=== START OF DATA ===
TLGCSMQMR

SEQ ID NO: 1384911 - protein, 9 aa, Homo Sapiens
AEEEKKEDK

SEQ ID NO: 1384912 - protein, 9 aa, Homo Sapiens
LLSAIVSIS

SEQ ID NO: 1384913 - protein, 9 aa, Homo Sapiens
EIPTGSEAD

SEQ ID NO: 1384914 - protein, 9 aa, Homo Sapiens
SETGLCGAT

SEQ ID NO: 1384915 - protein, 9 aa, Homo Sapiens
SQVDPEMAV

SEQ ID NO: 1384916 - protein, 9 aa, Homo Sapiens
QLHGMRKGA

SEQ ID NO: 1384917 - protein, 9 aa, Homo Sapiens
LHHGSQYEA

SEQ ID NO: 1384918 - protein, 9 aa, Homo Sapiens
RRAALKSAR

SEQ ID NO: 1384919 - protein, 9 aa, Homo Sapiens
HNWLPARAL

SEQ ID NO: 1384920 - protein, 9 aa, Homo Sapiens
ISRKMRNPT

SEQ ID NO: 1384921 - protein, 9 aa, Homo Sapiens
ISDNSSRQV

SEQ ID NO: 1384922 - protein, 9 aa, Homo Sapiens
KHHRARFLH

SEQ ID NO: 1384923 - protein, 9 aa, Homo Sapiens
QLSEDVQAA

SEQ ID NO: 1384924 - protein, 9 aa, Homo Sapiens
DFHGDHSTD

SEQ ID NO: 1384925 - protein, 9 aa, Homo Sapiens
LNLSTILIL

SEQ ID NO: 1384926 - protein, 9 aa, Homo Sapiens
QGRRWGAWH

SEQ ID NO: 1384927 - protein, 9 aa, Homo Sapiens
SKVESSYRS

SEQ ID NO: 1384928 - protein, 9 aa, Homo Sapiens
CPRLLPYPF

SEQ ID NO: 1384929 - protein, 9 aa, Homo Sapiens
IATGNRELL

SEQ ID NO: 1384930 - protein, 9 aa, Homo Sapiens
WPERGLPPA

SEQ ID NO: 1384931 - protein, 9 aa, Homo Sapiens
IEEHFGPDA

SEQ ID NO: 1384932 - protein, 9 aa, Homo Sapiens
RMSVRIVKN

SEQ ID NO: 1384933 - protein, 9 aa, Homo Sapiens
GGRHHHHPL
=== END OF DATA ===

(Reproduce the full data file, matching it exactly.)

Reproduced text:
TLGCSMQMR

SEQ ID NO: 1384911 - protein, 9 aa, Homo Sapiens
AEEEKKEDK

SEQ ID NO: 1384912 - protein, 9 aa, Homo Sapiens
LLSAIVSIS

SEQ ID NO: 1384913 - protein, 9 aa, Homo Sapiens
EIPTGSEAD

SEQ ID NO: 1384914 - protein, 9 aa, Homo Sapiens
SETGLCGAT

SEQ ID NO: 1384915 - protein, 9 aa, Homo Sapiens
SQVDPEMAV

SEQ ID NO: 1384916 - protein, 9 aa, Homo Sapiens
QLHGMRKGA

SEQ ID NO: 1384917 - protein, 9 aa, Homo Sapiens
LHHGSQYEA

SEQ ID NO: 1384918 - protein, 9 aa, Homo Sapiens
RRAALKSAR

SEQ ID NO: 1384919 - protein, 9 aa, Homo Sapiens
HNWLPARAL

SEQ ID NO: 1384920 - protein, 9 aa, Homo Sapiens
ISRKMRNPT

SEQ ID NO: 1384921 - protein, 9 aa, Homo Sapiens
ISDNSSRQV

SEQ ID NO: 1384922 - protein, 9 aa, Homo Sapiens
KHHRARFLH

SEQ ID NO: 1384923 - protein, 9 aa, Homo Sapiens
QLSEDVQAA

SEQ ID NO: 1384924 - protein, 9 aa, Homo Sapiens
DFHGDHSTD

SEQ ID NO: 1384925 - protein, 9 aa, Homo Sapiens
LNLSTILIL

SEQ ID NO: 1384926 - protein, 9 aa, Homo Sapiens
QGRRWGAWH

SEQ ID NO: 1384927 - protein, 9 aa, Homo Sapiens
SKVESSYRS

SEQ ID NO: 1384928 - protein, 9 aa, Homo Sapiens
CPRLLPYPF

SEQ ID NO: 1384929 - protein, 9 aa, Homo Sapiens
IATGNRELL

SEQ ID NO: 1384930 - protein, 9 aa, Homo Sapiens
WPERGLPPA

SEQ ID NO: 1384931 - protein, 9 aa, Homo Sapiens
IEEHFGPDA

SEQ ID NO: 1384932 - protein, 9 aa, Homo Sapiens
RMSVRIVKN

SEQ ID NO: 1384933 - protein, 9 aa, Homo Sapiens
GGRHHHHPL